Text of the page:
Bankruptcy can be an intimidating process for many people, but like many things in life, fear comes from the unknown. By educating yourself, you will have a better understanding of the bankruptcy process and a greater control of your financial future. The following are some bankruptcy terms to become familiar with:
Automatic Stay-An automatic stay is an injunction that automatically stops foreclosure, wage garnishments, lawsuits and all collection activity against the debtor as soon as the bankruptcy petition is filed.
Bankruptcy Petition-A formal request for the protection of the federal bankruptcy laws. This official application will declare the debtor “bankrupt.”
Chapter 7-The most common form of bankruptcy, a Chapter 7 case is a liquidation proceeding, available to individuals, married couples, partnerships and corporations.
Chapter 11-A re-organization bankruptcy in which the debtor may continue in business or in possession of its property as a fiduciary.
Chapter 12-A simplified reorganization plan for family farmers whose debts fall within certain limits.
Chapter 13-A repayment plan for individuals with debts falling below statutory levels which provides for repayment of some or all of the debts out of future income.
Claim-A written statement from a creditor claiming a right to payment from a debtor or the debtor’s property if money becomes available through the bankruptcy process.
Contingent Claim-A claim that may be owed by the debtor under certain circumstances, for example, where the debtor is a cosigner on another person’s loan and that person fails to pay.
Discharge-A discharge is a very important term in bankruptcy proceedings, as it is the release of a debtor from liability for certain dischargeable debts. A discharge prevents those creditors from taking any action against the debtor or the debtor’s property to collect the debts.
Disclosure Statement-A written document prepared by the chapter 11 debtor designed to provide “adequate information” to allow a typical creditor to make an informed decision about the chapter 11 plan of reorganization.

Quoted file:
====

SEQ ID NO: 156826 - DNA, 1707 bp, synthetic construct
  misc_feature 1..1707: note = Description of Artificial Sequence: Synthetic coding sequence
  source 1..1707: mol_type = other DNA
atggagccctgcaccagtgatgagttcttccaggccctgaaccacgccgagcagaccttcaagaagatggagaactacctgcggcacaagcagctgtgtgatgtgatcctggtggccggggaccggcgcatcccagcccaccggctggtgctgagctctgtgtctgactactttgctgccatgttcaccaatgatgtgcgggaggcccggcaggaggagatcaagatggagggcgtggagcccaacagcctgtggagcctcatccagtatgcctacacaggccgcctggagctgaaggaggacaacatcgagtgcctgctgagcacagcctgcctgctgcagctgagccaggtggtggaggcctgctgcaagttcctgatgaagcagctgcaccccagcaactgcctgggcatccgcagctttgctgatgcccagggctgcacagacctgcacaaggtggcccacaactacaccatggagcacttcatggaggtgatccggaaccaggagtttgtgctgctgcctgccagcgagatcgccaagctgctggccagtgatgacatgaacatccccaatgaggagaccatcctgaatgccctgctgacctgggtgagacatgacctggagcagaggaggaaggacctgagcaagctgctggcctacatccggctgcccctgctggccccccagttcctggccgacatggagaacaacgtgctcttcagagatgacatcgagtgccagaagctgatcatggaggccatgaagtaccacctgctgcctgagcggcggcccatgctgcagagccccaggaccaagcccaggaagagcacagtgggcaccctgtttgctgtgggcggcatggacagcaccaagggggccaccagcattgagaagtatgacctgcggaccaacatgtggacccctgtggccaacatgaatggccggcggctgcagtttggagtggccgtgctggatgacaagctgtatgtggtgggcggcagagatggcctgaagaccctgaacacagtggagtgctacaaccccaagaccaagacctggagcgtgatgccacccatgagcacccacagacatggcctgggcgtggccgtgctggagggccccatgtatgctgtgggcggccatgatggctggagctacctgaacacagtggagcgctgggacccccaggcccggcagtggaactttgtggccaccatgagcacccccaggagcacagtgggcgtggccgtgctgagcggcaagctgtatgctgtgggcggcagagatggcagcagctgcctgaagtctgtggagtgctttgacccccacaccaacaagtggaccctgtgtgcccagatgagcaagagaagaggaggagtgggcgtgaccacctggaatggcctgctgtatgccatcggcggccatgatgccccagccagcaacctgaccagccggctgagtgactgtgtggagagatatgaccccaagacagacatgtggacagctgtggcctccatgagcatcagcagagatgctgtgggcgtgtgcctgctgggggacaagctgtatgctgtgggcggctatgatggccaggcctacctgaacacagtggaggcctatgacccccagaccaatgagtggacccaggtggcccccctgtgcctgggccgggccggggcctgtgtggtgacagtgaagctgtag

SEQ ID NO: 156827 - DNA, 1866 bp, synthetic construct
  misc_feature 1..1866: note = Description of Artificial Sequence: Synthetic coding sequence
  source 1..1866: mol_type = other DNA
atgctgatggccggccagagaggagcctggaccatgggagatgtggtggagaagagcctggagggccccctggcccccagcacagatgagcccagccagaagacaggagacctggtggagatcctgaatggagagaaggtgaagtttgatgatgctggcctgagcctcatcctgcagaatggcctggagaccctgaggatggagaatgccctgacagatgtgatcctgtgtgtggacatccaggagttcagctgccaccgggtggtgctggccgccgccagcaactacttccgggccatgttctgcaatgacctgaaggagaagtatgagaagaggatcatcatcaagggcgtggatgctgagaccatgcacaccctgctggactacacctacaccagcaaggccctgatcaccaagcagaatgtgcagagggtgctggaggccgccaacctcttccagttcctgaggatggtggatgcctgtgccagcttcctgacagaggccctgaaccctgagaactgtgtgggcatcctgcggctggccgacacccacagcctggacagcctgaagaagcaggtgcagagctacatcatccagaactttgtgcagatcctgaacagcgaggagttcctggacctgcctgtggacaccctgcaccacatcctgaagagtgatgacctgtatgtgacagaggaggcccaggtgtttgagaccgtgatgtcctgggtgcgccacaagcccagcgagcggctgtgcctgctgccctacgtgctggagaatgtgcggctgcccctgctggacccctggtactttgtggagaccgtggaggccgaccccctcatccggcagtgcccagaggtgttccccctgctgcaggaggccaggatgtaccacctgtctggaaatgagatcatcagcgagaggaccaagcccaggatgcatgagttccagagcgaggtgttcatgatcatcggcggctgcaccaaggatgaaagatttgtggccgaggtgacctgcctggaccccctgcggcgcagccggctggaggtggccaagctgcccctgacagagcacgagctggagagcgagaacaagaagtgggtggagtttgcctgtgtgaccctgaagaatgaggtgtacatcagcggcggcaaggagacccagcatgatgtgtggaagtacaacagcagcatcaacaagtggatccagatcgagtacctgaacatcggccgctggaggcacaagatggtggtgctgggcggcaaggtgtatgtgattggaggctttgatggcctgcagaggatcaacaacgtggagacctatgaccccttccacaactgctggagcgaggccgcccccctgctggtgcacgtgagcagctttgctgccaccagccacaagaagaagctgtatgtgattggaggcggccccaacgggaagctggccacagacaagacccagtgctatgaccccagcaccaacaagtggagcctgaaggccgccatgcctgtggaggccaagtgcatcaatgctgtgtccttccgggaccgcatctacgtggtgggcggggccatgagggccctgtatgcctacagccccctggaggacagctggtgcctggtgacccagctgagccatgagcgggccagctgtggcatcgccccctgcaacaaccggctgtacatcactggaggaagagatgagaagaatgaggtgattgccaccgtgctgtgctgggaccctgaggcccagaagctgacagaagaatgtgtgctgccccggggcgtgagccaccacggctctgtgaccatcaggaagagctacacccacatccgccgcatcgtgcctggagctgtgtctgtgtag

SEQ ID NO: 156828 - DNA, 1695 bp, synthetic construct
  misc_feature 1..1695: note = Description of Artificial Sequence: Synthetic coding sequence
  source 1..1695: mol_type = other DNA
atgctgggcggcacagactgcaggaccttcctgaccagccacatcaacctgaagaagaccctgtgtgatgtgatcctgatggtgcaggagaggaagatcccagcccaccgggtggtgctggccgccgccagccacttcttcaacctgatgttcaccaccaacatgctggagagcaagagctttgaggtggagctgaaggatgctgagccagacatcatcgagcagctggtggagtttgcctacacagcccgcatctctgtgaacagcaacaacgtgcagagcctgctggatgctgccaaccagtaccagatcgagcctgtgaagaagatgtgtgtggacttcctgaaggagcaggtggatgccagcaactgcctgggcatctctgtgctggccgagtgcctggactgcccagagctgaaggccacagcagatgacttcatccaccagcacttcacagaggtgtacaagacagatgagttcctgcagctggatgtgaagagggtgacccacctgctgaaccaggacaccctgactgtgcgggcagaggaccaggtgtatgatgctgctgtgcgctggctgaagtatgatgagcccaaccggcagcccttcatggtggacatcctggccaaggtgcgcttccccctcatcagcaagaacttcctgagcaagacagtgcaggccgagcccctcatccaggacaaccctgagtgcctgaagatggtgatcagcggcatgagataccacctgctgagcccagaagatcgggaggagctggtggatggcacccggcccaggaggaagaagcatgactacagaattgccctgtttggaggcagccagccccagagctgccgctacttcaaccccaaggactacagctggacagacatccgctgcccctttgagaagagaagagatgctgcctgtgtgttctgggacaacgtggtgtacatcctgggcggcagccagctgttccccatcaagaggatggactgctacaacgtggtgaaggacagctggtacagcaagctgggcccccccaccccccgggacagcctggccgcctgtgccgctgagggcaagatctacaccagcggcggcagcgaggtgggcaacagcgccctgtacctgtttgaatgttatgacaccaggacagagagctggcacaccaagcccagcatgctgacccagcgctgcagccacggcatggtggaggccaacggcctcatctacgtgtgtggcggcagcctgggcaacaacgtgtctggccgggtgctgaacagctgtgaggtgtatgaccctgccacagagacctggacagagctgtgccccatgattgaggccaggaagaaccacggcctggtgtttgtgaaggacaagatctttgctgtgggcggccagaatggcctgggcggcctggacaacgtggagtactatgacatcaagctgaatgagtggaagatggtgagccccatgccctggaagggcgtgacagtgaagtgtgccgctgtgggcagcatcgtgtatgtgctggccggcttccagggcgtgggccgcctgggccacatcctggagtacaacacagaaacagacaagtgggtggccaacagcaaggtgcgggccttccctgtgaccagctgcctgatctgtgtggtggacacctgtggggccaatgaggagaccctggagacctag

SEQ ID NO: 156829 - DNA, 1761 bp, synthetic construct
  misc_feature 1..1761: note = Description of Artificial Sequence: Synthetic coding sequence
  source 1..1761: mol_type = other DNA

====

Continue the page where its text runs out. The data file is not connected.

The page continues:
Equity-The remaining value of a debtor’s interest in property that after liens and other creditors’ interests are considered.
Executory Contract or Lease-Contracts or leases under which one or both parties have unfulfilled obligations. In many bankruptcy cases the debtor is given the option to continue with (assume) or cancel (reject) these contracts.
Exemption-Property that the Bankruptcy Code or applicable state law allows a debtor to keep and is not used for distribution to creditors.
Fraudulent Transfer-A transfer of a debtor’s property made at far less than fair value. This term does not necessarily imply criminal fraud, however, the trade has placed the asset out of the creditors’ reach.
Joint Petition-A shared bankruptcy petition filed by a husband and wife together.
Lien-A charge upon specific property designed to secure payment of a debt or performance of an obligation.
Liquidation-The sale of a debtor’s property with the proceeds to be used for the benefit of creditors.
Liquidated Claim-A creditor’s claim for a fixed amount of money of the liquidated assets.
For more important bankruptcy terms, please continue reading Part Two at our Waco and Killeen bankruptcy attorney blog.
Jeff Davis is the Owner of the Davis law firm and a highly experienced Waco and Killeen bankruptcy attorney. To find out more information about a Waco or Killeen bankruptcy lawyer, please visit www.jeffdavislawfirm.com.